Recent developments in Malta’s political scene have served to illustrate a deep-seated local misconception regarding public figures and their right to privacy.
First, there was the furore surrounding Alfred Sant’s medical condition, after the Labour leader underwent surgery to remove a malignant tumour from his large intestine in December. The precise nature of the condition was not made known immediately, and many in the country – including Labour spokespersons, but unaccountably also journalists and newspaper editors – argued that it should never have been revealed at all, as medical matters do not fall within the public domain.
This may well be the case with private citizens, but not with political party leaders who also happen to be potential Prime Ministers. Thankfully, Sant himself was among those who disagreed with the widespread misconception; in his first public appearance since his operation, he explained how such information had in fact become “expected” in modern democracies.
But while Alfred Sant appears to be conversant with this basic tenet of modern democracy, the same cannot be said for other senior members of his own party. One of these is MLP general secretary Jason Micallef, who last week accused Independent columnist Daphne Caruana Galizia of having had cosmetic surgery to virtually every part of her anatomy you care to name.
Micallef justified this extraordinary initiative by pointing out that, like Sant, Daphne is also a public figure in her own right. Significantly, though, he failed to discern a glaring difference between the two. Unlike Sant, Caruana Galizia does not occupy a position of public trust. She is not an elected representative, nor an active spokesperson for a party in Parliament, and as such she is not accountable to the general public in the same way as either Alfred Sant or Lawrence Gonzi.
Ultimately this is the basic demarcation line, but time and again it transpires that local politicians are incapable of recognising that the same principle also applies to them. Among the latest offenders is MLP deputy leader Michael Falzon, who seems to see nothing of direct public interest in his choice of companions on a recent hunting holiday to Romania.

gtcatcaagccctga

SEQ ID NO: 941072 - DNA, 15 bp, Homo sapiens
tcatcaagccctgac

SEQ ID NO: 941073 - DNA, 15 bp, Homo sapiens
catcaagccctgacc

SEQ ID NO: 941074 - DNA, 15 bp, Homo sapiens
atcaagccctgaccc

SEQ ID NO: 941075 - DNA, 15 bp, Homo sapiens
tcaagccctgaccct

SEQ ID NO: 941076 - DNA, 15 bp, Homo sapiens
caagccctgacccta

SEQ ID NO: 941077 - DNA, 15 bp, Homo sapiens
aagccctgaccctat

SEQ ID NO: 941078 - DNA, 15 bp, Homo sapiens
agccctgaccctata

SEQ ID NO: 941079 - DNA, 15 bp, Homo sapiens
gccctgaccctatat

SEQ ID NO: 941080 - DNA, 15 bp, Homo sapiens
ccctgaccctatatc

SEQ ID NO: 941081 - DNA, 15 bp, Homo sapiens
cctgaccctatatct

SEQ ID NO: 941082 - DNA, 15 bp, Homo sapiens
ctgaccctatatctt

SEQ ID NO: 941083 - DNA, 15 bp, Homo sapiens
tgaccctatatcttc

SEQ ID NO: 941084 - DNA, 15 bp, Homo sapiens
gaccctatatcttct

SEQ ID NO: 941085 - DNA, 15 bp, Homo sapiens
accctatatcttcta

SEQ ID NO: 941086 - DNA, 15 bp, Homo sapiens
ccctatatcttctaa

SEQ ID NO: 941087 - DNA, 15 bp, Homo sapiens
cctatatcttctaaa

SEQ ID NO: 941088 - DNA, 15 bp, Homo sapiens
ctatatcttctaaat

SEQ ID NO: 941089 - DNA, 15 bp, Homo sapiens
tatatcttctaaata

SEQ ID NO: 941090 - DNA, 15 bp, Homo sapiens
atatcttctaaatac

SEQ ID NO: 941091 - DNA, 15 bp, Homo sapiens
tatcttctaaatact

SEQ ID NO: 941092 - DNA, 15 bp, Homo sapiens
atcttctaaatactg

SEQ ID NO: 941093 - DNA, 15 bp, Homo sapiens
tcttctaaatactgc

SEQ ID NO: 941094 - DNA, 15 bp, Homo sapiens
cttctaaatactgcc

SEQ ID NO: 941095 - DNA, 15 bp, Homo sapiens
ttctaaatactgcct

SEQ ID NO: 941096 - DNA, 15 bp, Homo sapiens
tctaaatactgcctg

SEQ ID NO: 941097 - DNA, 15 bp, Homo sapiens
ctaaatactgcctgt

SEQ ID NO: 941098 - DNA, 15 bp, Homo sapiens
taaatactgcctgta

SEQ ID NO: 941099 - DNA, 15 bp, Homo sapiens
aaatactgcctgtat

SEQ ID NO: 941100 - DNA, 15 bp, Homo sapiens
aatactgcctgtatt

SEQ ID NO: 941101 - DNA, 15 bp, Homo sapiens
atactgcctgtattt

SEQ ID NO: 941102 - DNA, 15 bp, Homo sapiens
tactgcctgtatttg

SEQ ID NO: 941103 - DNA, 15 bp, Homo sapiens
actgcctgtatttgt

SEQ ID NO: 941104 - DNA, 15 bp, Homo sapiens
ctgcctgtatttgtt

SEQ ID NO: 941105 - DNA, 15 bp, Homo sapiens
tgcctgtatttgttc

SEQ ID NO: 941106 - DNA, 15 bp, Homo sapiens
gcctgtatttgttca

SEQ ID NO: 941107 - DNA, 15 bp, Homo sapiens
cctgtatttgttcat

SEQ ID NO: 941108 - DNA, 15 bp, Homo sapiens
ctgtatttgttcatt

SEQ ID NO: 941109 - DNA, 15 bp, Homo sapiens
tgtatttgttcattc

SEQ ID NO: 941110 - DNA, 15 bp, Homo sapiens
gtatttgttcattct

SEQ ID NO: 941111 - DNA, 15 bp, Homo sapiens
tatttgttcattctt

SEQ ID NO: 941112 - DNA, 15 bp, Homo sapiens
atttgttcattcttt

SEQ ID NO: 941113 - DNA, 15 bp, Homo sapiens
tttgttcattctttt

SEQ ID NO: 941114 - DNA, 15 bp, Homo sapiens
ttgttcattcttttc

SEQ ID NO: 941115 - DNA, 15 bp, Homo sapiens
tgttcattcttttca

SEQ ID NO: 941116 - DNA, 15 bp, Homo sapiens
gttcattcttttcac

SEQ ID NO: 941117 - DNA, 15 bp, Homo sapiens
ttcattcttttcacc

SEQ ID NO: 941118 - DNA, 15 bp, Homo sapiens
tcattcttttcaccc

Last Sunday, MaltaToday revealed how Falzon was one of a group of people – including Richard Cilia, a committee member of the hunters’ lobby FKNK – who holidayed together for a hunting trip in Romania last December. Falzon curtly told the newspaper that it was “nobody’s business where he goes on holiday”… but given his role within the party, and given also the identity and affiliations of the companions concerned, this is quite frankly absurd.
Falzon seems to have overlooked the fact that the FKNK – of which Cilia is a well-known militant activist – is currently embroiled in a sensitive controversy surrounding spring hunting: an issue of direct consequence to the general public, who might even have to pay fines to the European Court of Justice if the illegal practice is not discontinued this year.
This is not the first time that Falzon, himself a hunting enthusiast, has ingratiated himself with the hunting lobby in a bid to secure their votes: in October, the Labour deputy leader met the hunters in secret at Ray’s Auto Dealer in Zebbug, promising them that under Labour, enforcement will not be as indiscriminately strict as it is today.
Michael Falzon can argue all he likes that as a private individual, he is perfectly free to choose his own holiday companions; but he cannot realistically argue that his hobnobbing with senior members of a very powerful lobby just weeks before a crucial election, is a purely private matter which has no place in the public domain.
Besides, Falzon appears also to have forgotten his own party’s crusade against Joe Saliba: the PN’s general secretary, who last August chose to accompany building contractor Zaren Vassallo on a Mediterranean cruise.
The Labour media had a field day with the story at the time: understandably enough, as Saliba had only very recently admitted in public that his party accepted undeclared donations from big businesses… in particular, the construction industry.
Ironically, Saliba’s response when confronted by One TV’s Charlon Gouder was utterly indistinguishable from Falzon’s response to this newspaper’s questions about his hunting holiday last December: he argued that Vassallo was a private individual who had a right to privacy, like everybody else.
We await an explanation from Michael Falzon as to why Joe Saliba’s choice of holiday companion was deemed a matter for public interest, while his own, analogous and arguably more contentious choice was not.
But then, perhaps this is what his own party’s secretary had in mind, when he complained of “two weights, two measures” on Bondiplus last week.